The unique stories of people living with disabilities are too often untold. One in every five Americans is living with a disability—yet this population is severely underrepresented in films and TV. A recent Variety article, "Hollywood Diversity and Inclusion See Little Rise in 10 Years," points out that of the top 900 films in 2016, just 2.7% of characters were portrayed as having a disability. In many cases these characters are played by an actor without a disability, further limiting opportunities for the disability community in Hollywood.
Our goal was simple: create a meaningful film challenge to give aspiring filmmakers a platform to tell creative stories, share their diverse perspectives and gain real opportunity to network and be mentored by entertainment professionals.
We launched the The Easterseals Disability Film Challenge (EDFC) to address this difficult problem—giving filmmakers, actors and other creatives—with and without disabilities—the opportunity to shape unique stories that showcase disability in its many forms.
We wanted to position the Challenge in a way that would galvanize all facets of the entertainment industry to get involved, recognize the competition as its own and embrace it over for the long-term.
With more than 56 million Americans with disabilities, the challenge raises awareness about this community in Hollywood's ongoing diversity conversation. By seeing their aspirational stories reflected on screen, these films inspire people to join the conversation and expand the audience's understanding of disability today.
CK&D teamed Easterseals Southern California with actor and comedian Nic Novicki. As someone with a disability, Nic shares Easterseals' commitment to bring awareness and understanding to the disability community.
CK&D created a brand identity and all marketing collateral for the challenge. In keeping with other well-established film festivals, CK&D created a competition logo using the laurel wreath symbol. To symbolize victory and triumph, filmmakers use laurel leaves on promotional materials as a badge of honor. A dedicated website and social media channels were created to succinctly articulate and promote the challenge goals, leadership, rules, awards and events.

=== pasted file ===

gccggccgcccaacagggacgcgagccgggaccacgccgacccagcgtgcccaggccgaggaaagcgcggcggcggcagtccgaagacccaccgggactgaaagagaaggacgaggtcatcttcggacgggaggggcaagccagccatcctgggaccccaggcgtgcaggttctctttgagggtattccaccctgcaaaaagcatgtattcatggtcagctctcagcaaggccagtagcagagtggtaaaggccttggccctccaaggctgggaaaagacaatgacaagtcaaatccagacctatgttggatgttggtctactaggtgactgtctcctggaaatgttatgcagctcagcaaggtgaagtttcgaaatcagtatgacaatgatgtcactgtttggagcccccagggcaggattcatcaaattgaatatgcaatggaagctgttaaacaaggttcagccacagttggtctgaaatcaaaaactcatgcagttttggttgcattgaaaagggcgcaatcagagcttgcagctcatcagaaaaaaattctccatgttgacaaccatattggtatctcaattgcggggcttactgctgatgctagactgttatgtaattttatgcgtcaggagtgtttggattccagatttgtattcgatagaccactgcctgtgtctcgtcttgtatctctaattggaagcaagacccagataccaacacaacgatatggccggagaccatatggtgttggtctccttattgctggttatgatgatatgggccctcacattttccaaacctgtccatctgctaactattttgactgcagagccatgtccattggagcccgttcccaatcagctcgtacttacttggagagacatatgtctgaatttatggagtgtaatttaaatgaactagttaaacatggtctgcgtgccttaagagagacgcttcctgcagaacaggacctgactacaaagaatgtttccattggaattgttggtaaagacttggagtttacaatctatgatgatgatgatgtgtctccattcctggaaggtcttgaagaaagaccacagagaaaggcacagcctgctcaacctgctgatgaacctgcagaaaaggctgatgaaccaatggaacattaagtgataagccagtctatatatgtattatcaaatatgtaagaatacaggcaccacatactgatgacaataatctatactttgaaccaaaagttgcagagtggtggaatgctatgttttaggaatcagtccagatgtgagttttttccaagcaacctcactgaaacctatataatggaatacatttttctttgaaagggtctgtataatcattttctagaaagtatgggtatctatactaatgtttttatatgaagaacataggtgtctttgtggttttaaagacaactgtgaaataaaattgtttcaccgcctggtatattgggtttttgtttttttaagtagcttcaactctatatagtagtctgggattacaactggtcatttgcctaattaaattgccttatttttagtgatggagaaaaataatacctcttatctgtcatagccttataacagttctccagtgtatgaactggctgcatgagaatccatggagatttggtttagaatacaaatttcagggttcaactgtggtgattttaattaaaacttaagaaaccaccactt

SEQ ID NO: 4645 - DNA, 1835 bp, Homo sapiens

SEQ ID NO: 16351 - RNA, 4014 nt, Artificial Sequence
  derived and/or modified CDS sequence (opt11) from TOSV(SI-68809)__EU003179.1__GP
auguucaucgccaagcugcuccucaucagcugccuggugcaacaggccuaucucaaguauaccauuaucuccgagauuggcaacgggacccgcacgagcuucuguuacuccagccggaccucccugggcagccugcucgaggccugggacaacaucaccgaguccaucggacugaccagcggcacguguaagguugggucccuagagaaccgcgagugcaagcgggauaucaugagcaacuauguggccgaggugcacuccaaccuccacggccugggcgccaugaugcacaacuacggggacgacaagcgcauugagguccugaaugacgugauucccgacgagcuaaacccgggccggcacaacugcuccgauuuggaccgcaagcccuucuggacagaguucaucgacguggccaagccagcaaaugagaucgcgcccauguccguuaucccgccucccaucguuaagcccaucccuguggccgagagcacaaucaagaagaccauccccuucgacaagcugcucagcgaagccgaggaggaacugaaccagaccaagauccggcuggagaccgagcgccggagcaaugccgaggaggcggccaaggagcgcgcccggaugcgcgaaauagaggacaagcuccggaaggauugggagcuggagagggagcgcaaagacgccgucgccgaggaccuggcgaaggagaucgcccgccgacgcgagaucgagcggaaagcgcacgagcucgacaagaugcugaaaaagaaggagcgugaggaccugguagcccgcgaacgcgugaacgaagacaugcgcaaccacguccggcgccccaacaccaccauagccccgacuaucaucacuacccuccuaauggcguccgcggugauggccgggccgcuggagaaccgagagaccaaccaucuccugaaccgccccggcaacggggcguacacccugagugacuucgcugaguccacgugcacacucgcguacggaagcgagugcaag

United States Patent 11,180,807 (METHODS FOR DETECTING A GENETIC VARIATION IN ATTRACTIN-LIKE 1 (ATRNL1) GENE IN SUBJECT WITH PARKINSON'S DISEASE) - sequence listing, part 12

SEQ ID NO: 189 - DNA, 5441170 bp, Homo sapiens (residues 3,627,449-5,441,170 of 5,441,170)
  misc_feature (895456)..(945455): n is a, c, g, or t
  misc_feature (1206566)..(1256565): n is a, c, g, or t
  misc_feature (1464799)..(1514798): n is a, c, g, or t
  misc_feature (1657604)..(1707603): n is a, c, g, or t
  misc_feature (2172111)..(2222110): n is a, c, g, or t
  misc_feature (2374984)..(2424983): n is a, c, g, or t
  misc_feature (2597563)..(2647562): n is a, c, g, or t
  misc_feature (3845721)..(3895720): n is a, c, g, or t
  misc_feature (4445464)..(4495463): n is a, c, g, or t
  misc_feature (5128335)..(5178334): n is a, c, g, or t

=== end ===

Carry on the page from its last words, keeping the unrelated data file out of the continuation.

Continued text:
The film challenge is a weekend-long filmmaking contest, open to all, that provides a platform for new voices in the entertainment industry. Challenge winners receive invaluable access to entertainment professionals, opening the door to an industry notoriously difficult to enter.
Aspiring storytellers are prompted to creatively write, produce and complete a short-film (three to five minutes) over the course of the contest weekend. The filmmakers' cast and crew must be composed entirely of volunteers. The filmmaker is encouraged to collaborate with at least one writer, producer, director, or actor with a physical or cognitive disability.
At the beginning of the challenge weekend, the film challenge posts the competition genre/theme, along with a list of required props and/or locations, to the homepage. Entrants wait to receive a courtesy email notification of the challenge kickoff. Entrants are required to include all the components, including genre/theme and props, in their film to demonstrate originality. Teams are strongly encouraged to integrate story elements that acknowledge disability.
The Challenge was promoted during a six-month period via social media posts from a variety of industry insiders such as RJ Mitte, Danny Woodburn, Marlee Matlin and Judd Apatow. Additionally, a promotional video was produced to explain the competition and build excitement for the competition. It was promoted at film festivals and workshops, and through targeted media outreach.
A panel of high-profile industry executives was assembled to judge the entries. At a red carpet event, winners are announced in four categories: Best Film, Best Filmmaker, Best Actor and Best Promotional Campaign. All winners received one Dell mobile workstation, a spot to screen his/her film at the HollyShorts Film Festival and a daylong mentorship with an industry insider. Mentors included: ABC's Speechless creator Scott Silveri, Director Randall Park, Actress Amy Brenneman and CBS Entertainment EVP Tiffany Smith-Anoa'i.
More than 200 people attended the celebration event including competition casts and crews, industry employees, Easterseals leadership and members of the press.
The competition received 50 entries from filmmakers from across the United States. The stories shared were diverse and presented a wide-range of positive perspectives about people living with disabilities.
Through a combination of promotional efforts, challenge-winning films have been viewed more than one million times to-date.
The Challenge offers invaluable life-experiences, designed to help winners go on to even greater career opportunities in entertainment, and in life. John Lawson's Whitney's Wedding earned the 2017 "Best Actress Award." This comedic love story has gone on to win "Best Film Award" at the Focus on Ability Shore Film Festival in Sydney, Australia.
All of the winning filmmakers received invaluable time with a mentor, an entertainment industry insider. Cory Reeder, recipient of the "Best Promotional Campaign Award" shared this after his mentorship with Tiffany Smith-Anoa'I, "As an artist, this is all I ever want: to tell stories, connect with people, and – if I'm lucky -- inspire things for the better. When [Tiffany] said, you're the real deal, and your intentions prove that in the work. I know I am connecting with people."
EDFC has helped create a positive impact for the industry as well. Already planning for 2018, in addition to Dell, SAG-AFTRA and CBS, NBCUniversal, Lionsgate, United Talent Agency, Deadline Hollywood and Variety have pledged support with discussions underway at other major studios, networks and talent agencies.